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Hybrid-Powered Cruise Ship Is First Caller of 2020 Season to Belfast Harbour & Island of Ireland

2nd March 2020
Hybrid-powered expedition cruise ship MS Fridtjof Nansen is a Norwegian newbuild named after the first explorer to successfully cross the Greenland interior. The 500 passenger ship operated by Hurtigruten made a debut to Belfast Harbour at the weekend and also became the first visitor this season to the island of Ireland . Hybrid-powered expedition cruise ship MS Fridtjof Nansen is a Norwegian newbuild named after the first explorer to successfully cross the Greenland interior. The 500 passenger ship operated by Hurtigruten made a debut to Belfast Harbour at the weekend and also became the first visitor this season to the island of Ireland . Photo: Doyle Shipping -facebook

Afloat tracked MS Fridtjof Nansen, the latest addition hybrid-powered custom-built cruise ship for Norwegian operator Hurtigruten, which made its first visit to Belfast Harbour at the weekend, writes Jehan Ashmore.

As previously reported on Afloat, Belfast Harbour was named the Best port of call in the UK & Ireland for cruise ships which totalled a record for the Ulster port in 2019 with 146 cruise calls and 280,000 visitors to the city and region.

Last Saturday's visit by the 21,765 gross tonnage MS Fridtjof Nansen into Belfast Lough followed a call to Stornoway on the Isle of Lewis, west Scotland. The newcomer to Belfast Harbour was also on a promotional call and remained overnight. In addition the ship was the inaugural cruise caller for this year's season.

Assisting the 140m long ship to a berth on the south bank of the Lagan downriver from Harland & Wollf shipyard was SMS Towage's Masterman.

MS Fridtjof Nansen featuring Hurtigruten's revolutionary battery hybrid powered propulsion system is more environmentally sustainable by reducing fuel consumption and CO2-emissions by 20 per cent.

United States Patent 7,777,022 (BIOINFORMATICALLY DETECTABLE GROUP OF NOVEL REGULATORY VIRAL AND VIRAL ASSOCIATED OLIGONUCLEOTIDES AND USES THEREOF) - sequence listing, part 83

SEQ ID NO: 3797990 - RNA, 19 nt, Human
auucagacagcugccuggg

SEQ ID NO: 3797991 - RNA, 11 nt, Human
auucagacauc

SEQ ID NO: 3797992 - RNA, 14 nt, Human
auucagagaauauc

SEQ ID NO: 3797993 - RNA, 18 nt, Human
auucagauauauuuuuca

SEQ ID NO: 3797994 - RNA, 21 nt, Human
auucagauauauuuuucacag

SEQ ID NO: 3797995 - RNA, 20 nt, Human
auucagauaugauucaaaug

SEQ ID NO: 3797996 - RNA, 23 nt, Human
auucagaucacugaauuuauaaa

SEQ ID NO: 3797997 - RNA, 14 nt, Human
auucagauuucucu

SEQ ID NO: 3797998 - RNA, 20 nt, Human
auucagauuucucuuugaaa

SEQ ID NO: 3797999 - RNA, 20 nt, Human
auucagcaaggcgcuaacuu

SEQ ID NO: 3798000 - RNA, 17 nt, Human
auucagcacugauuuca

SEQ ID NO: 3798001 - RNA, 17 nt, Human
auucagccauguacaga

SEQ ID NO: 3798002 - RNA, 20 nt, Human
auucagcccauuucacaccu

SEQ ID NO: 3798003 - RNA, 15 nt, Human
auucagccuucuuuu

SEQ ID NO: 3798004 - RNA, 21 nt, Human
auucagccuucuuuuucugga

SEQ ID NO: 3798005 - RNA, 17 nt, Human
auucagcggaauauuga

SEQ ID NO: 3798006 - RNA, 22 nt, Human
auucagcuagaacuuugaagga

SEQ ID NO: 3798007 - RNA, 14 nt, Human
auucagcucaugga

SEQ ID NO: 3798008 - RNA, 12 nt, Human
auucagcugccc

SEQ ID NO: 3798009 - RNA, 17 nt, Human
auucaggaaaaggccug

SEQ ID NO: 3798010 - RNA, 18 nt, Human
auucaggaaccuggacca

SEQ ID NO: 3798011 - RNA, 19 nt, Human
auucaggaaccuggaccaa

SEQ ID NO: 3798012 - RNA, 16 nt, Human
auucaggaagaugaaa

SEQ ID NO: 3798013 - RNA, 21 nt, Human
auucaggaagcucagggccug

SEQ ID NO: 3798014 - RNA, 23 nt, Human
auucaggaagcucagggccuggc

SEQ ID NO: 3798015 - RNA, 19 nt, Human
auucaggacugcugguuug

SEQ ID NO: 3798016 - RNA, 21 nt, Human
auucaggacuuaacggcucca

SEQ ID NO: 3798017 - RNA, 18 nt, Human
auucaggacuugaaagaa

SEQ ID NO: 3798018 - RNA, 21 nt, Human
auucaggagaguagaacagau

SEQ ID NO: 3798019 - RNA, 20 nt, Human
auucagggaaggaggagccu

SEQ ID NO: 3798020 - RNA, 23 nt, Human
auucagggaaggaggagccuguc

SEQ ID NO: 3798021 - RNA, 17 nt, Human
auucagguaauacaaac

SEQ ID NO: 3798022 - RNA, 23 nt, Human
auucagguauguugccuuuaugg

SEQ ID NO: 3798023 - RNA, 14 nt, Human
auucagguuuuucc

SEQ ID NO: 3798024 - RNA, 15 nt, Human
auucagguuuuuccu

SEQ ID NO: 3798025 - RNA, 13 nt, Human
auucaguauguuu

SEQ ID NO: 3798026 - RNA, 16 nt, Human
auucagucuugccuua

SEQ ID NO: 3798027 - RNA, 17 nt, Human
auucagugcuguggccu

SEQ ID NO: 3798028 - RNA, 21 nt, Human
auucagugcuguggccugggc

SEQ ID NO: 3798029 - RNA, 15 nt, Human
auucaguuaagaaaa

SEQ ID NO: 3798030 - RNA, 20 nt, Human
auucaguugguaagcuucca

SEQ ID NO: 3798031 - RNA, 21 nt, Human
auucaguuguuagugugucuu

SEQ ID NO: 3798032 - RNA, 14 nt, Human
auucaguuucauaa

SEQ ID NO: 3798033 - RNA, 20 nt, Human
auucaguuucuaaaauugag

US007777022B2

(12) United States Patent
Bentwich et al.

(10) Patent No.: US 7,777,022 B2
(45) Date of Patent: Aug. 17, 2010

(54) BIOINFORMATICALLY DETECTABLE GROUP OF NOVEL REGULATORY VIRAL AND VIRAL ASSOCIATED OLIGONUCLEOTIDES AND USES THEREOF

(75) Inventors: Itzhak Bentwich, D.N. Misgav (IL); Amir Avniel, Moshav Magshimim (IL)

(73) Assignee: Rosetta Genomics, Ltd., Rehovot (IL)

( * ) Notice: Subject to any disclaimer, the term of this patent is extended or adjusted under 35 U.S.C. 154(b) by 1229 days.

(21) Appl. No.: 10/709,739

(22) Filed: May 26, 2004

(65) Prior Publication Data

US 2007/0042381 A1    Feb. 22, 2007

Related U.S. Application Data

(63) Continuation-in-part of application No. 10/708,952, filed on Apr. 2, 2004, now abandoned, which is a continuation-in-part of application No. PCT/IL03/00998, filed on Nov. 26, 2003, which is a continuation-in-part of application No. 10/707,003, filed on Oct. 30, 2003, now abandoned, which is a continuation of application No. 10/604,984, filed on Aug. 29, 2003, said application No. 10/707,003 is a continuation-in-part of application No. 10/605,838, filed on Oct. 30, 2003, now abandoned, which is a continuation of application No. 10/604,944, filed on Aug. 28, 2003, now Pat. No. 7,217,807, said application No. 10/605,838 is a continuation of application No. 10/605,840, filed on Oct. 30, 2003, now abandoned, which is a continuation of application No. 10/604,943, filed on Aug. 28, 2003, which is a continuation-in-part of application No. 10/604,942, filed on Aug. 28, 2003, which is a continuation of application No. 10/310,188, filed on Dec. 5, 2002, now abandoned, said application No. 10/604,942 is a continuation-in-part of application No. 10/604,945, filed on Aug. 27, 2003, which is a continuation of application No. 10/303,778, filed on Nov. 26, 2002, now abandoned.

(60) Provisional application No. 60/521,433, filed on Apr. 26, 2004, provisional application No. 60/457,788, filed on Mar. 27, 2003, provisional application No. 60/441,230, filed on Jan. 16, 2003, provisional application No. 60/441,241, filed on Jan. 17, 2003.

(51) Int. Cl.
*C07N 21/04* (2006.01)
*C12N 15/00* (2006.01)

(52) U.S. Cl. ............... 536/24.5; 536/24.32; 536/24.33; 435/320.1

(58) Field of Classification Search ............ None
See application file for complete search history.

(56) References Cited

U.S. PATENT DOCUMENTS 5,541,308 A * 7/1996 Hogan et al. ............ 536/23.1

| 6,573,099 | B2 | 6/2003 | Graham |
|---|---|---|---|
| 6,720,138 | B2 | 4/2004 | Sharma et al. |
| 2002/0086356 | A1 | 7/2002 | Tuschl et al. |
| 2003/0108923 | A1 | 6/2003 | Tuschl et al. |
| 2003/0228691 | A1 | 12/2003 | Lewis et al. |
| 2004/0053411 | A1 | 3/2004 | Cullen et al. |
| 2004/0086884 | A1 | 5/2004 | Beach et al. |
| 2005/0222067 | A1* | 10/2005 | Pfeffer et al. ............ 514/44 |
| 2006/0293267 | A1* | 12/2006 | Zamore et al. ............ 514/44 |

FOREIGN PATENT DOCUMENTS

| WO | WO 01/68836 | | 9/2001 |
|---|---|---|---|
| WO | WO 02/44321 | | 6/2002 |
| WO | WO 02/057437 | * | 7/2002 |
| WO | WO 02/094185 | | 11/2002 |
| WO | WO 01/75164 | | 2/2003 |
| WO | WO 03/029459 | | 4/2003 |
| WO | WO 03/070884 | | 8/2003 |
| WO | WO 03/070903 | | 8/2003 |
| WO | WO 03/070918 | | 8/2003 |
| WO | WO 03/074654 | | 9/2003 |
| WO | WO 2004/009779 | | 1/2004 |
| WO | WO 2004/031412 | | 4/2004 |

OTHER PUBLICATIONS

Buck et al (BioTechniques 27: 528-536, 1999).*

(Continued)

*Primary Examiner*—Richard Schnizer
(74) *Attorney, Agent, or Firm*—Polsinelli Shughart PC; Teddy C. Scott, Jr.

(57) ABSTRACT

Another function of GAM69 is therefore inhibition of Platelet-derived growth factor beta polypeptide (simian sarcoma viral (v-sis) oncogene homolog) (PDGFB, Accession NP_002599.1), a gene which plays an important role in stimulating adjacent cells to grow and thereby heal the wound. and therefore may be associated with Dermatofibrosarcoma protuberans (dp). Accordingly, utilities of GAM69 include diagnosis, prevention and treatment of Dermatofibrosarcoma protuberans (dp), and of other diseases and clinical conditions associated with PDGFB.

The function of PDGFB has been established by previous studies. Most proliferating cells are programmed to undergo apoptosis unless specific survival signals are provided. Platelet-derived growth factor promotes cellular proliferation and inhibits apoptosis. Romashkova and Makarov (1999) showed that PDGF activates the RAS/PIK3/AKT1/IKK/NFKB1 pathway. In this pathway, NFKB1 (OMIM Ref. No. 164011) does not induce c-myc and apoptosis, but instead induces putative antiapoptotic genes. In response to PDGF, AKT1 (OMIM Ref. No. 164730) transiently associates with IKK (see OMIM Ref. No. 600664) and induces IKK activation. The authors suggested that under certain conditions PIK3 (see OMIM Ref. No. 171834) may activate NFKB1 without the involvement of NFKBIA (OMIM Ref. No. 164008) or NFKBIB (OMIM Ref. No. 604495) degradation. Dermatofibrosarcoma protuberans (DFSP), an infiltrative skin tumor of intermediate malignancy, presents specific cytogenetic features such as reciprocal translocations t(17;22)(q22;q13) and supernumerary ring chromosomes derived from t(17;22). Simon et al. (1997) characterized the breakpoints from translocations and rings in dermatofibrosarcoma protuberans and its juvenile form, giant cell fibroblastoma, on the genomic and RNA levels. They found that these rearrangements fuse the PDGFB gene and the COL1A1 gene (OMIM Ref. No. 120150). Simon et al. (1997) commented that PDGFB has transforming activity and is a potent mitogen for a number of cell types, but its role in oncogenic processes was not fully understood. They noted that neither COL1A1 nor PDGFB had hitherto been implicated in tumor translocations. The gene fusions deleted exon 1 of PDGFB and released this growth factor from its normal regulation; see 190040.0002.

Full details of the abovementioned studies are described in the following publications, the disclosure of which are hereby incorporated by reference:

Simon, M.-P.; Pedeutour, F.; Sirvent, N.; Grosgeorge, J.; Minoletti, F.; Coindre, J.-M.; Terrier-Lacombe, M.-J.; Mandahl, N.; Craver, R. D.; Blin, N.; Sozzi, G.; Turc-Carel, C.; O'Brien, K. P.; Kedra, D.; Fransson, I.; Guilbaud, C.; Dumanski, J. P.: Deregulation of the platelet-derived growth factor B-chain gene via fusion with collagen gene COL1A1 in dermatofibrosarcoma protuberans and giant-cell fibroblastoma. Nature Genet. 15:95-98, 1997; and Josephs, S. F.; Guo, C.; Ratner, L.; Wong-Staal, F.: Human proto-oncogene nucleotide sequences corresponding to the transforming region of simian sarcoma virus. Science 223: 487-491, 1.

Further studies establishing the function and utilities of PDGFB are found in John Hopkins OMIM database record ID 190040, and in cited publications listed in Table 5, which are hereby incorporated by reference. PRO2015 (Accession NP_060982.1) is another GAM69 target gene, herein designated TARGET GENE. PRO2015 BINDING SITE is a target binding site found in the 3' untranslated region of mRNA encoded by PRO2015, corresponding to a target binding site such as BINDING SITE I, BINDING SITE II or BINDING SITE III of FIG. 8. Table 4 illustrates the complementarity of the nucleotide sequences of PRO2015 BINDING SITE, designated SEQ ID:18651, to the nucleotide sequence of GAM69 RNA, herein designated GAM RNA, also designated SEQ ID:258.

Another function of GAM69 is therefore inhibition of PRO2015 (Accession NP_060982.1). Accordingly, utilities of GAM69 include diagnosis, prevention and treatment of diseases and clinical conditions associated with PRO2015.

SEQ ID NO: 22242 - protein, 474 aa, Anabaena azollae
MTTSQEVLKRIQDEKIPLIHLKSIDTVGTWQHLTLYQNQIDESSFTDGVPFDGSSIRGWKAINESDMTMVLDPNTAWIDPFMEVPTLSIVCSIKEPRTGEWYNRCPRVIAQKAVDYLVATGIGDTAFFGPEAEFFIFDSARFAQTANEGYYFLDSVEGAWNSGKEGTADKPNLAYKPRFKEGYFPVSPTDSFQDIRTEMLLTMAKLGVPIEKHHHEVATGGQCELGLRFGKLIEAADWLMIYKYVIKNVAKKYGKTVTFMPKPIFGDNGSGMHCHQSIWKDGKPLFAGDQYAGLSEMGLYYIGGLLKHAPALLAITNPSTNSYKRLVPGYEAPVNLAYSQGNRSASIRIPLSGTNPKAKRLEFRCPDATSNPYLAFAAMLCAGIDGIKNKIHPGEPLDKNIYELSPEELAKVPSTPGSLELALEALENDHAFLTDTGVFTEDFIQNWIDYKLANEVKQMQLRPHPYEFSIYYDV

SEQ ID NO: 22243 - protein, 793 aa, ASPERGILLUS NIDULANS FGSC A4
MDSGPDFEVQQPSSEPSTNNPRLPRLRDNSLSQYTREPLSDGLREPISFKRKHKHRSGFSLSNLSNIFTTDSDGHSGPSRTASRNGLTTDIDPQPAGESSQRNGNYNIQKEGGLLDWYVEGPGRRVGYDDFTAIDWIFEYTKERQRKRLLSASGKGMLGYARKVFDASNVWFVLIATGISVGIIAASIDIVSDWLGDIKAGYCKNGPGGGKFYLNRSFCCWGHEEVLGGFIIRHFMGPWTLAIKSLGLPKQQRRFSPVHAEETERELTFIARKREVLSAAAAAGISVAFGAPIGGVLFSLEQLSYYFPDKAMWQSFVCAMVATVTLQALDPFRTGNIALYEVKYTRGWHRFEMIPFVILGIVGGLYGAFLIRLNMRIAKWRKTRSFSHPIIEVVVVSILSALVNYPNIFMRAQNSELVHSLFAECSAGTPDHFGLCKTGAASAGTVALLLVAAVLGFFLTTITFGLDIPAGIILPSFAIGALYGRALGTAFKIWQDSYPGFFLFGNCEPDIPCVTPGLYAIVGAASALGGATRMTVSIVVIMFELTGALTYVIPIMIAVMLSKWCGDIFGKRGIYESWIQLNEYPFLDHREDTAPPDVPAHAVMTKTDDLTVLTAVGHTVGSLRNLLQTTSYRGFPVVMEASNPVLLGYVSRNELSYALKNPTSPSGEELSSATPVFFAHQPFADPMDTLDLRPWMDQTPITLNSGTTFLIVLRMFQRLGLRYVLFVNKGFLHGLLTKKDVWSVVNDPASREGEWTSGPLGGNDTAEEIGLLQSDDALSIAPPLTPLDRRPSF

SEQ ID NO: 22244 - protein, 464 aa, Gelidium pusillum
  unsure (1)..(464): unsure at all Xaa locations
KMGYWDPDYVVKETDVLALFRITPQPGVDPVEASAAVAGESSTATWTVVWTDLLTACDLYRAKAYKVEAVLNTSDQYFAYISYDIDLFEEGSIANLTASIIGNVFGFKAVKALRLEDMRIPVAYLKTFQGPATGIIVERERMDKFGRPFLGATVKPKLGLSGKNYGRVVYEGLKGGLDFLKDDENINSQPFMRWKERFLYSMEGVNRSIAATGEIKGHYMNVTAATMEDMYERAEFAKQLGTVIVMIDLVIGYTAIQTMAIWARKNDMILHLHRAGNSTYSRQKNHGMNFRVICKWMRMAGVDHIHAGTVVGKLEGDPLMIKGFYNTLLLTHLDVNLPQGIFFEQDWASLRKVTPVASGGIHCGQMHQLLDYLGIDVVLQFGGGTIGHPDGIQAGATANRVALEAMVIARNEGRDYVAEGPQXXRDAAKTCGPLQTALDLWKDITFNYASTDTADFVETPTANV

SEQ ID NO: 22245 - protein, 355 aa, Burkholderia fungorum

Hurtigruten has demonstrated to the world that hybrid propulsion on large ships is possible following near identical sister MS Roald Amundsen. The leadship named after the first man to cross Antarctica and reach the South Pole was introduced into service last year. The hybrid pair are a first for the operator and designed to operate in polar regions and by serve as comfortable basecamps at sea.

Interiors of the newbuild not surprisingly have Scandinavian materials sourced from nature, such as granite, oak, birch and wool has been used to create relaxed and stylish cabins and public areas. All of the cabins are outside and 50% have private balconies and aft suites feature private outdoor hot-tubs.

Both new vessels were built at the Kleven Yards in Ulsteinvik, Norway. They have state of the art technology and offer premium on board experience as the next generation of adventure travel cruise ships for operations to far-flung corners of the globe.

A passenger capacity is for 530 though it is reduced to 500 when operating in Antarctica.

In addition to global cruises, Hurtigruten is famous for domestic cruises that begun in 1823 along the stunning coastline of this Nordic nation. This involves daily departures from Bergen to Kirkenes, in the Arctic Circle and close to the border with Russia.

Returning to the Irish Sea this morning and where Afloat again tracked MS Fridtjof Nansen to Douglas, Isle of Man having sailed overnight. The new visitor called to the Manx capital by berthing on the outside of the harbour's pier.

MS Fridtjof Nansen's call to Belfast Harbour is normally the first large port on the island of Ireland to welcome cruiseships each season. Note the harbour's online cruise scedule list is 'not' currently available.

In the case of Dublin Port cruise callers, click the (list) which starts with Saga Cruises veteran vessel Saga Sapphire scheduled to call on 11 March and on the 13th March by the new Norwegian cruise ship. On the same day, Saga Sapphire is also due to call at the Port of Cork, see (list). 

Published in Cruise Liners
Jehan Ashmore

About The Author

Jehan Ashmore

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Jehan Ashmore is a marine correspondent, researcher and photographer, specialising in Irish ports, shipping and the ferry sector serving the UK and directly to mainland Europe. Jehan also occasionally writes a column, 'Maritime' Dalkey for the (Dalkey Community Council Newsletter) in addition to contributing to UK marine periodicals. 

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